I was on vacation last week. I took three short trips, one to fish for a few days, one to tour the Abraham Lincoln sites in Springfield, Illinois, and one to visit a relative who is recovering from a recent car crash. Each trip was about a two-hour drive away, so I covered some ground, mostly on highways—I-44, I-55, I-70. Driving along highways is one thing. Most of us do that all the time. Even going to the grocery store or our gym we’re likely to put in a few miles on a highway.
But on each of these trips I crossed at least one bridge. I live in St. Louis, Missouri, so inevitably I am often crossing bridges over the Mississippi River. When you live beside one of the world’s great rivers all your life you tend to lose a sense of its renown, its lore. To me it’s just the big river I see all the time. I also crossed over the Missouri—another major stream—and the Meramec, a local river, mostly known for its disastrous flooding every few years.
I can drive highways all the time without anything more than a sense of time and miles passing. But whenever I cross a bridge I get a rush of feeling, a sudden sense that I am going somewhere. I’m not sure why it is, except perhaps that I am not well-traveled for my age and experience. Most people I know have been many more places: more cities, more states, more countries. My travels have been slight in comparison, and each place I go fills me with a mix of dread and anticipation.
I first felt this way many years ago when I crossed a bridge over some minor river in Tennessee. I was probably headed to a family funeral, I really don’t remember; but I do remember crossing this bridge. At the time I was very smitten with Big Band music, and a tape was playing (yes, a tape) of Benny Goodman or Artie Shaw, some such quintessentially American musician, and the rush of feeling in that moment, having crossed from Missouri to Tennessee, one state to another, took the form of how huge is America, all these states, all these regions, and the wonderful music flowed into the moment and filled the space with sound.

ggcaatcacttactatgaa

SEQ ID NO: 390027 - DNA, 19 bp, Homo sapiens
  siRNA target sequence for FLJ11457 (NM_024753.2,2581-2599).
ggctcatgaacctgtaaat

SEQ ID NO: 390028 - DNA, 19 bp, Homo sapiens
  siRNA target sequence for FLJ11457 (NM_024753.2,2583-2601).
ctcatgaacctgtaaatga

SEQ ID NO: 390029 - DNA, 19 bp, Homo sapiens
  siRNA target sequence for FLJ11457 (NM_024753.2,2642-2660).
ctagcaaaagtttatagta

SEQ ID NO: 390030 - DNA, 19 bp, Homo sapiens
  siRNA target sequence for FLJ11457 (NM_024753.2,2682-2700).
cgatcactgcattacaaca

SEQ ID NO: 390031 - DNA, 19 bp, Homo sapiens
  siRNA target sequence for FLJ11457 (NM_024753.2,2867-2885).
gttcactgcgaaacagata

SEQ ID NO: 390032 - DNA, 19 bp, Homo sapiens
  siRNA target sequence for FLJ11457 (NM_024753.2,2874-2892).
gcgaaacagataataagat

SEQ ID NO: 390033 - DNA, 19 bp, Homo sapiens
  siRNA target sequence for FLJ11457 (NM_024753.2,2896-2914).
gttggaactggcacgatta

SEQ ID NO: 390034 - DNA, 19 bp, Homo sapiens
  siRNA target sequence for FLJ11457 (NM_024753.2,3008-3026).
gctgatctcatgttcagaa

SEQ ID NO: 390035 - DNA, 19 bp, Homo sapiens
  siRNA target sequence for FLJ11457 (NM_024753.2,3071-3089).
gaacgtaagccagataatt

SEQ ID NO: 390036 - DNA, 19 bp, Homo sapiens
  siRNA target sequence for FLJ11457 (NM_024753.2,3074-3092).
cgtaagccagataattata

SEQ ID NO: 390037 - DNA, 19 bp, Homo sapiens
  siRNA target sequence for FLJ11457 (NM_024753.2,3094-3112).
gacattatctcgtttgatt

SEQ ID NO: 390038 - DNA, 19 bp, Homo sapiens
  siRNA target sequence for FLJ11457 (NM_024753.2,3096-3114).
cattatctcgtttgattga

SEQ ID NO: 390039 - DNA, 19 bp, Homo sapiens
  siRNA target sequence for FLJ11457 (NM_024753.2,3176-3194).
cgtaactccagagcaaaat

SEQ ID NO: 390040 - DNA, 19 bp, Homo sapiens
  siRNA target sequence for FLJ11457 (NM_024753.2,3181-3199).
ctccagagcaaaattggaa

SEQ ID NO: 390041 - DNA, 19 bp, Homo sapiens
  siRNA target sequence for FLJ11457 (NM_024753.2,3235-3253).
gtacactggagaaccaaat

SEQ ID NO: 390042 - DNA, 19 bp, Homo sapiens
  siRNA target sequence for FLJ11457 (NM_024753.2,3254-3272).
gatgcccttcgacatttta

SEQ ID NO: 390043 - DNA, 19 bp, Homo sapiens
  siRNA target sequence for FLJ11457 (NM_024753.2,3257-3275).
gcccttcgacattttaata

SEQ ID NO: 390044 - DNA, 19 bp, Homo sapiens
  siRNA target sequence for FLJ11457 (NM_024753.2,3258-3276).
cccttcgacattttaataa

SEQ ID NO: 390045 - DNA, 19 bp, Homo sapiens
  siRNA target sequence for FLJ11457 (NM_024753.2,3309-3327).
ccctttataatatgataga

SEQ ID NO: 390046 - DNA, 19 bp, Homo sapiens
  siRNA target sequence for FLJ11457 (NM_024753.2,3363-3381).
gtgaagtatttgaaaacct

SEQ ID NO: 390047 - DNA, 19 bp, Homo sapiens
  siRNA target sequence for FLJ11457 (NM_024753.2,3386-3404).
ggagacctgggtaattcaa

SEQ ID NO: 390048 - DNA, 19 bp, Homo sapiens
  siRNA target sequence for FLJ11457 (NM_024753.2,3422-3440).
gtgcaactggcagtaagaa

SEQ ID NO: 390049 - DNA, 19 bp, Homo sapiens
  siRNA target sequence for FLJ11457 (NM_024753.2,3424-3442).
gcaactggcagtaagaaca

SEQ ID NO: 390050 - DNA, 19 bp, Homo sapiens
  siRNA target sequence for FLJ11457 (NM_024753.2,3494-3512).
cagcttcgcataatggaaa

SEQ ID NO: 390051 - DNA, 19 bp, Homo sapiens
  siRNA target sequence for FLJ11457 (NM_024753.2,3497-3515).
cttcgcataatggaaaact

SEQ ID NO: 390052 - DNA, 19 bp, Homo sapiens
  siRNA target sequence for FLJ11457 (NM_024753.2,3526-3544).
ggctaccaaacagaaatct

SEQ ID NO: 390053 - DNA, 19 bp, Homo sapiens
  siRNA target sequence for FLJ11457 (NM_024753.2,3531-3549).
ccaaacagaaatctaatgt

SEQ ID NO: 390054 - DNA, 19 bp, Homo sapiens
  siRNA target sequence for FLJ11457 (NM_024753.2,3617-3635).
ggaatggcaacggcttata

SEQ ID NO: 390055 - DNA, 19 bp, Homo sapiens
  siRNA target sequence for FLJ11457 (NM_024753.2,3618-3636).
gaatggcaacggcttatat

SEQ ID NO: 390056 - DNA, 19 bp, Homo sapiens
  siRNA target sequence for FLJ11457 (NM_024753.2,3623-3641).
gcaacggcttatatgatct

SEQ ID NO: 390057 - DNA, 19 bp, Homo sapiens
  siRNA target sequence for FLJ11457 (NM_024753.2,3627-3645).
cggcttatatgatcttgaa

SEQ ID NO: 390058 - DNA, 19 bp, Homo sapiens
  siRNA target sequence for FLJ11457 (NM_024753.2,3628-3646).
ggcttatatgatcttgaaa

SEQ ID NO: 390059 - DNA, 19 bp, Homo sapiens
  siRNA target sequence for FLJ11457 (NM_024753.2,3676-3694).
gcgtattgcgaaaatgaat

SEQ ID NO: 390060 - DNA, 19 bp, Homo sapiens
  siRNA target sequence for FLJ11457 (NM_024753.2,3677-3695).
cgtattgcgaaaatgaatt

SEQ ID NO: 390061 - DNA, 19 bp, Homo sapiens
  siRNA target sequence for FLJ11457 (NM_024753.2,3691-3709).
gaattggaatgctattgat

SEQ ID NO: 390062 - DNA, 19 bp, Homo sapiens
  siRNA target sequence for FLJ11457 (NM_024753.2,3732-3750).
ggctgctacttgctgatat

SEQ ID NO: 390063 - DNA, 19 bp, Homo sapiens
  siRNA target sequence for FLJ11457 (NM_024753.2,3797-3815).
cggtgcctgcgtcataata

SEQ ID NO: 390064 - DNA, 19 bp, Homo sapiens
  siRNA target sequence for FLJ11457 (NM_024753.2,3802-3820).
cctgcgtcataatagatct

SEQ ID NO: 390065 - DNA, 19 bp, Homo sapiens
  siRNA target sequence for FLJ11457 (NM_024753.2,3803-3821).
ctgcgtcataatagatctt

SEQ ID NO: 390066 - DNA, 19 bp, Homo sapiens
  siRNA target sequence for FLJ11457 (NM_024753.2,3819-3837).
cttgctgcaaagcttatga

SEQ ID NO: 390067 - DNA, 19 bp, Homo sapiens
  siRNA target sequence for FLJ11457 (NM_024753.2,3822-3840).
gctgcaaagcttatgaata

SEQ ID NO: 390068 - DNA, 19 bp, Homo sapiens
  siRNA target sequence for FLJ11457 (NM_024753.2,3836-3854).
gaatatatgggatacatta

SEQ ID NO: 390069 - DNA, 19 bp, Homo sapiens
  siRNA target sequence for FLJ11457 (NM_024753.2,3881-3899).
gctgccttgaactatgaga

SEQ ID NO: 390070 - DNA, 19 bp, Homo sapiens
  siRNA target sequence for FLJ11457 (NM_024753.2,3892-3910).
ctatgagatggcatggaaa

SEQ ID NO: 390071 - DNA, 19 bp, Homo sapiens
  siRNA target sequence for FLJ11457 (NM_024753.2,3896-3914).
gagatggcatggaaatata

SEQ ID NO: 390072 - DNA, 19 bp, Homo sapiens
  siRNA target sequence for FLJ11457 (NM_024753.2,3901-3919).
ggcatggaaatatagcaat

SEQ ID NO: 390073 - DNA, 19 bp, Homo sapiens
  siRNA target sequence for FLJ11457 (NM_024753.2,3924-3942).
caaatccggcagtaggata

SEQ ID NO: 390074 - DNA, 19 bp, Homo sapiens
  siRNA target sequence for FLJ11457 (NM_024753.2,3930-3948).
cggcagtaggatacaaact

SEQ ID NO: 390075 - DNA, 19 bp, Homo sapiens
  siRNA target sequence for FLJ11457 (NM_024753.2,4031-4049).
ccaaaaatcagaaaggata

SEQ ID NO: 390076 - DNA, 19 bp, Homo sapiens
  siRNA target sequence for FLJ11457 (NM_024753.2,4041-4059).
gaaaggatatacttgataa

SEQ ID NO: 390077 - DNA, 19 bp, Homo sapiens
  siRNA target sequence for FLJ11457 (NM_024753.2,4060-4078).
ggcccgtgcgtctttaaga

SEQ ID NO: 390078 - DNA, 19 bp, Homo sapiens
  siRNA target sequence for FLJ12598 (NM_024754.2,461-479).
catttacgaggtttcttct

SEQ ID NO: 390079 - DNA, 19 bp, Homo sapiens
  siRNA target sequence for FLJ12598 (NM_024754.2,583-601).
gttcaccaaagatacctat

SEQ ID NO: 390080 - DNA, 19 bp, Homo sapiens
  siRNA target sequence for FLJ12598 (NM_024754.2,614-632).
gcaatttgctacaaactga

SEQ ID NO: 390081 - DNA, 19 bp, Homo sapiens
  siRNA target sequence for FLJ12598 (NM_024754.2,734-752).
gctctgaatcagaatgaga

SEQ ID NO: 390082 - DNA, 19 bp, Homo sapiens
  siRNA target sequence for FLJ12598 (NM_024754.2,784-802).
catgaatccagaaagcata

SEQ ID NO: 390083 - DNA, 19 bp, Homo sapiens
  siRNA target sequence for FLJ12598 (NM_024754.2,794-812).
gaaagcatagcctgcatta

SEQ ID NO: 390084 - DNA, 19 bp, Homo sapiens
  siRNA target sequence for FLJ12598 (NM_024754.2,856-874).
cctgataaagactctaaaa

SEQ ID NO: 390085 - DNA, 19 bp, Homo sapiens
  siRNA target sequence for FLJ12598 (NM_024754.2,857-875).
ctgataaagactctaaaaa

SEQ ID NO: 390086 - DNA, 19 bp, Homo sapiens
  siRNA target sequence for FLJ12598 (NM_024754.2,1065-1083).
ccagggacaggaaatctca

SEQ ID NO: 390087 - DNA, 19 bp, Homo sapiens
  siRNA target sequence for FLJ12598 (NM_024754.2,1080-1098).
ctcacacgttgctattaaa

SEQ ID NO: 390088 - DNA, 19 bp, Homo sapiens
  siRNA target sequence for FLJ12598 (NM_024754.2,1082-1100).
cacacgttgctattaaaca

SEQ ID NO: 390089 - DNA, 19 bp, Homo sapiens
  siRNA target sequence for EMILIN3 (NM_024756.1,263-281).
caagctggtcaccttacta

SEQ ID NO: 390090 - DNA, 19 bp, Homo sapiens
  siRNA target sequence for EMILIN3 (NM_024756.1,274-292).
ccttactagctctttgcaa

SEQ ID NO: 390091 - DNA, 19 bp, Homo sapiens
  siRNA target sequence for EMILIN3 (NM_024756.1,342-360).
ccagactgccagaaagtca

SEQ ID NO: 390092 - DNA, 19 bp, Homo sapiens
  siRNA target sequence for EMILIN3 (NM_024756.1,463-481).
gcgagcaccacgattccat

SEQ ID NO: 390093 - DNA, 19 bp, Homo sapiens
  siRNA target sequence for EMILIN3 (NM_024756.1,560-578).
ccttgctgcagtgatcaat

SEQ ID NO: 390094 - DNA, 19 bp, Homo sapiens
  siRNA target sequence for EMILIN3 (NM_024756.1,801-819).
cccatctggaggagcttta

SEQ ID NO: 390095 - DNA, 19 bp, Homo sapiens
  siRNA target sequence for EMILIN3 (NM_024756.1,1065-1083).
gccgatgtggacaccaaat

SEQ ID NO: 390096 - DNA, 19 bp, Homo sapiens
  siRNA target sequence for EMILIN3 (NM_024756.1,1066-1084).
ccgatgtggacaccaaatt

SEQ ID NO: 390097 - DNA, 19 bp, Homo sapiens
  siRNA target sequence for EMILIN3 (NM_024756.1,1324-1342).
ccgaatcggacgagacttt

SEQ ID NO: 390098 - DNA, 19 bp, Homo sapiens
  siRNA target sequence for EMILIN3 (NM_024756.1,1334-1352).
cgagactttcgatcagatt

But the feeling is not usually that well defined. It’s usually just a sense of crossing from one region to another. The people on this side of the river live one way, the people on that side are different. I will see new things on the other side. I will learn about those things and one day I will return, cross this bridge going the other way and tell my native tribe what I have seen.
Or something like that. I really don’t know how to describe the feeling. I mentioned it once to a traveling companion and she offered little response, just an ‘I see,’ or a ‘hmm.’ I considered trying further explanation, but I turned back inward instead, knowing this was likely not a feeling that could be shared. And yet here I am sharing it on a larger scale. Go figure.
A bridge is an easy symbol, and almost always of good things. A bridge into the future. Building a bridge between people. Bridging the gap. But the good things don’t always come without some danger. One of my favorite children’s stories is The Three Billy Goats Gruff, about the perils of crossing a bridge when there are monsters lurking beneath. But oh, that grass over there is so green, so lush, that it is worth the risk. Thank goodness we have Big Billy Goat Gruff to defeat the troll and lead the way.
I hope that my future holds many bridges to cross, both literally and figuratively. And I guess the point I am trying to make is that for me, all bridges are literal and figurative at the same time, and to tell the truth, I kind of like it that way.